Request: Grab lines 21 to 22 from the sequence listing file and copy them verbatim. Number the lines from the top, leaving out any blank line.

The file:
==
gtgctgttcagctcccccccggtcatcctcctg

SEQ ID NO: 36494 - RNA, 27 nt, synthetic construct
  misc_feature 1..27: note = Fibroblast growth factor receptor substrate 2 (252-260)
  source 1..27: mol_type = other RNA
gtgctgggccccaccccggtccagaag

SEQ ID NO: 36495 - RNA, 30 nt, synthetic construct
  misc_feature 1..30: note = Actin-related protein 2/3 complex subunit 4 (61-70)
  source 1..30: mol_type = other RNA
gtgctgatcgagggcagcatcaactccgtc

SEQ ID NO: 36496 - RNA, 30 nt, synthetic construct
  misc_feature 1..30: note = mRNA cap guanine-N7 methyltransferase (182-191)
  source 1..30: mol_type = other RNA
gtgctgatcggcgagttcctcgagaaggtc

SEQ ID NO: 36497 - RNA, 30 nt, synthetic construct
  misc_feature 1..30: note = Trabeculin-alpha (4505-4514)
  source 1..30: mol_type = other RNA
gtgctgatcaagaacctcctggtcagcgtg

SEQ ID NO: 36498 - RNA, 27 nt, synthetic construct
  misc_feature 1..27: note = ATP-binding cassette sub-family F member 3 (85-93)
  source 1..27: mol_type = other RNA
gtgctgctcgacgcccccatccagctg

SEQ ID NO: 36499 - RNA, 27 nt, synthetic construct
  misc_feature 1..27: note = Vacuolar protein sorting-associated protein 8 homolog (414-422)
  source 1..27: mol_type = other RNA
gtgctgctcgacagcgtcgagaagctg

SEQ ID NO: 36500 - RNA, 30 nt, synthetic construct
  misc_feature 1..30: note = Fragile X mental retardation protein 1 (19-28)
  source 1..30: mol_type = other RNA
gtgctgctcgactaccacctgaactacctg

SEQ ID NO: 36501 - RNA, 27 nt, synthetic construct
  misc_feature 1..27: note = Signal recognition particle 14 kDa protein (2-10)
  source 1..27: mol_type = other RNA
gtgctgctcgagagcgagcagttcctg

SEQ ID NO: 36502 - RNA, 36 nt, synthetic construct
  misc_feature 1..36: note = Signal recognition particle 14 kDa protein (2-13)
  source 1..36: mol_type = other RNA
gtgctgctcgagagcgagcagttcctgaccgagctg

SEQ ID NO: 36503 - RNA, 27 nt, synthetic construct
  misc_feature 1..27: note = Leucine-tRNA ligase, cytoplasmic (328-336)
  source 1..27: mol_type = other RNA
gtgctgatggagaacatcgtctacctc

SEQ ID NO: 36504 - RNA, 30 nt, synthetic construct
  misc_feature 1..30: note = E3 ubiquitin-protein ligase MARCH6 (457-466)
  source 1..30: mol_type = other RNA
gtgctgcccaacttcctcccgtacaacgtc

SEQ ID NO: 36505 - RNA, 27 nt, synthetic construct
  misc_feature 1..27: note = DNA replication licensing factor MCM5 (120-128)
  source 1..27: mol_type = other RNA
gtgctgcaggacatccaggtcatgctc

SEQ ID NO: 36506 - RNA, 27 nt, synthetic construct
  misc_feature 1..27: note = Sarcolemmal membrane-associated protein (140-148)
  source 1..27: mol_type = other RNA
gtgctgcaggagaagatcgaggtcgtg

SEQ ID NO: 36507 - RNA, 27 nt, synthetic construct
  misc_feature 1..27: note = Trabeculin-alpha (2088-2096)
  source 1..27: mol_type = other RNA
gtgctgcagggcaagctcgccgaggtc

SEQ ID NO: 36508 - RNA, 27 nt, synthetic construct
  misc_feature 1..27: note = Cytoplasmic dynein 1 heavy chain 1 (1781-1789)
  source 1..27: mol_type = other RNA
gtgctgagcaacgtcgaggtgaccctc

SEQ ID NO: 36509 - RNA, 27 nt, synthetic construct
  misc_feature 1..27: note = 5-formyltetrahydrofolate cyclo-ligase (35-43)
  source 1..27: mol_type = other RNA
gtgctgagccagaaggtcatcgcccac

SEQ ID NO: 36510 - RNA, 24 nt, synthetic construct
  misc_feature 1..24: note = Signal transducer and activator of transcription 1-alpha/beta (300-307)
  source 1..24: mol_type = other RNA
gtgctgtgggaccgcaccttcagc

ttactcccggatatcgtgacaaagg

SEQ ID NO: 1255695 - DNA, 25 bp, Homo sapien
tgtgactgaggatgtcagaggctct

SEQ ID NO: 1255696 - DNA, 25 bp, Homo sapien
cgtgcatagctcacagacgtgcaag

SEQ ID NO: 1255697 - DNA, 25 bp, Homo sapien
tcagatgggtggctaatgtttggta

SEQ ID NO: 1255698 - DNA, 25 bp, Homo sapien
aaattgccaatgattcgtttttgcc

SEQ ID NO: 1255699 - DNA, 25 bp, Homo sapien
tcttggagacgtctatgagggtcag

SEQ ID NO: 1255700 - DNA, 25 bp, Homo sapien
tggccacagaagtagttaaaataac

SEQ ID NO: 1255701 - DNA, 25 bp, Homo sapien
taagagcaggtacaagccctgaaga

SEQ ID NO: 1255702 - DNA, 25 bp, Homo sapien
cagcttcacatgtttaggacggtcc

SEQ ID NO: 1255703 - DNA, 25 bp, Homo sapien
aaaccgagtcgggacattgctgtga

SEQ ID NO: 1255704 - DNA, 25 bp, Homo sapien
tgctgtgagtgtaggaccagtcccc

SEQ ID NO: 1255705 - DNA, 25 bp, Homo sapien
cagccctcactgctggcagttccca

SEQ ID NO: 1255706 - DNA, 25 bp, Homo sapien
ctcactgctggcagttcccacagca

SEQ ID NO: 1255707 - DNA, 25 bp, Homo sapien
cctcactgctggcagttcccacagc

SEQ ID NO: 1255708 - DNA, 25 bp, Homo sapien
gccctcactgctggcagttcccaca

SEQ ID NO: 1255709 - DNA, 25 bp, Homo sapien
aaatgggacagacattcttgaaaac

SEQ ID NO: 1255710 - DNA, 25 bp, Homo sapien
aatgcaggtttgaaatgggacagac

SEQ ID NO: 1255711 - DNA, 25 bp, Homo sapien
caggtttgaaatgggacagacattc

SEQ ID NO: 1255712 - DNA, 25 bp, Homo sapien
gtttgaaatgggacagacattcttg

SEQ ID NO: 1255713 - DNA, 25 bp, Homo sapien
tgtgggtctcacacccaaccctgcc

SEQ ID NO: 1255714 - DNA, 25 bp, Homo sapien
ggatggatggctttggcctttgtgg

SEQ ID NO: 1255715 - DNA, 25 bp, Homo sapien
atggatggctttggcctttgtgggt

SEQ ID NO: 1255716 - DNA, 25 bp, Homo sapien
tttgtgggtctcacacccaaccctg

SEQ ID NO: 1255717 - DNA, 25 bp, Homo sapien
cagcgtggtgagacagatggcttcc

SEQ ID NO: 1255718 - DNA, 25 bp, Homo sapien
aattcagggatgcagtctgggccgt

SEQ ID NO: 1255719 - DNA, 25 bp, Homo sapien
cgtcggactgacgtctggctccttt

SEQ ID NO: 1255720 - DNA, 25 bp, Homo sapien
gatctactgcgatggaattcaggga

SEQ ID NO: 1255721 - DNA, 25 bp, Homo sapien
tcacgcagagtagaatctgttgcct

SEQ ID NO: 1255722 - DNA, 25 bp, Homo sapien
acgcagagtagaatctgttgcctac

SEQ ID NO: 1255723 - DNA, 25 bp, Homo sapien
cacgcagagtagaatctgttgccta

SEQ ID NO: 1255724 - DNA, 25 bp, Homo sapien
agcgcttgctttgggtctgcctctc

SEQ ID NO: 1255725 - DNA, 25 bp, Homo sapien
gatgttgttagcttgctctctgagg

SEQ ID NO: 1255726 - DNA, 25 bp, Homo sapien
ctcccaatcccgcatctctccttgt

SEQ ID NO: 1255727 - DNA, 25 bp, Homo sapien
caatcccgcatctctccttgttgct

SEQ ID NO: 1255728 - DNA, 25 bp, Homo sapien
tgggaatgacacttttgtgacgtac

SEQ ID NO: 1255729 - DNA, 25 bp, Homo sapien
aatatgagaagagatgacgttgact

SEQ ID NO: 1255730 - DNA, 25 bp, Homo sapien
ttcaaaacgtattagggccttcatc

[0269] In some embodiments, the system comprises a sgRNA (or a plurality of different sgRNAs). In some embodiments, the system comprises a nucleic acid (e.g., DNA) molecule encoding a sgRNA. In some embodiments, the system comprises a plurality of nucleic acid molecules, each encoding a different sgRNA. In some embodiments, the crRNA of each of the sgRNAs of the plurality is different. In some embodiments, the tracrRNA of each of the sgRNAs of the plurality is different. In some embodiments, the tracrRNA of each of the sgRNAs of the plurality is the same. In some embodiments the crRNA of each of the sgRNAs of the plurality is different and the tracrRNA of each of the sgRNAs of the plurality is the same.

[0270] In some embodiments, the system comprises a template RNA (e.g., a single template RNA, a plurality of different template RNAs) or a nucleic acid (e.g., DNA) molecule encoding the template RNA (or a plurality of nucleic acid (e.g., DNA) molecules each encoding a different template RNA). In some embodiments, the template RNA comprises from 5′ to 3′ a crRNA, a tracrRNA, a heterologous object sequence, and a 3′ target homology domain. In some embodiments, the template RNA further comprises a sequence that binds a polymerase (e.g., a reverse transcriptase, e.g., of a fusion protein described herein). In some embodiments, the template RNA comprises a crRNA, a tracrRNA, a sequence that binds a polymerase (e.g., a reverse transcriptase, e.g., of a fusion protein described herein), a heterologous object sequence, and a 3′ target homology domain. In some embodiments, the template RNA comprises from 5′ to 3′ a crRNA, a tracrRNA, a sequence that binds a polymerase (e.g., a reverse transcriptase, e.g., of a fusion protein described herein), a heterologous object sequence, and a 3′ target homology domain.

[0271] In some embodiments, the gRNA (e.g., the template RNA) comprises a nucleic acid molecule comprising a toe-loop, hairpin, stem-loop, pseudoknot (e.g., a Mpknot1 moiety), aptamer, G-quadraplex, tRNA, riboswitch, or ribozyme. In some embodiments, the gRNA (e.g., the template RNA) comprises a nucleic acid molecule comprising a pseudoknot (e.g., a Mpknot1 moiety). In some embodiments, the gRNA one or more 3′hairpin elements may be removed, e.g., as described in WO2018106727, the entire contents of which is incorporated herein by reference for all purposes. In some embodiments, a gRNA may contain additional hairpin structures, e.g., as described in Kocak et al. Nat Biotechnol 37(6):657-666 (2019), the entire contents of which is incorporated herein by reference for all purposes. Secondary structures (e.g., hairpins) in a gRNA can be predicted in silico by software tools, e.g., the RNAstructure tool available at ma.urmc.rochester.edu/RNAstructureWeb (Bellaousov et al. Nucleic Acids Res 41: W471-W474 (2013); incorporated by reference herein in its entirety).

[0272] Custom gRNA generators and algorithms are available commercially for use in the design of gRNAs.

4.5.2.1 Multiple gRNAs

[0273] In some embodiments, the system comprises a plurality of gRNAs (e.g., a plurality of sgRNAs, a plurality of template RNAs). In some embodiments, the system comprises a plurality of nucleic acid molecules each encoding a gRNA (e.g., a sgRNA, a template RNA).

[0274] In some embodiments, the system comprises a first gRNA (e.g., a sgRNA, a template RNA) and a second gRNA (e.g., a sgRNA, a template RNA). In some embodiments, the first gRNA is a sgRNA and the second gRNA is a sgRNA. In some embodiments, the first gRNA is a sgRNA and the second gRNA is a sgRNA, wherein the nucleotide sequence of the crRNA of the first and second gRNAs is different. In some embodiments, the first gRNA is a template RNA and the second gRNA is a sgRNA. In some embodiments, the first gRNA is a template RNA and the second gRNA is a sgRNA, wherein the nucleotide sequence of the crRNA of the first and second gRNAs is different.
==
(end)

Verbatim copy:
gtgctgctcgacgcccccatccagctg

SEQ ID NO: 36499 - RNA, 27 nt, synthetic construct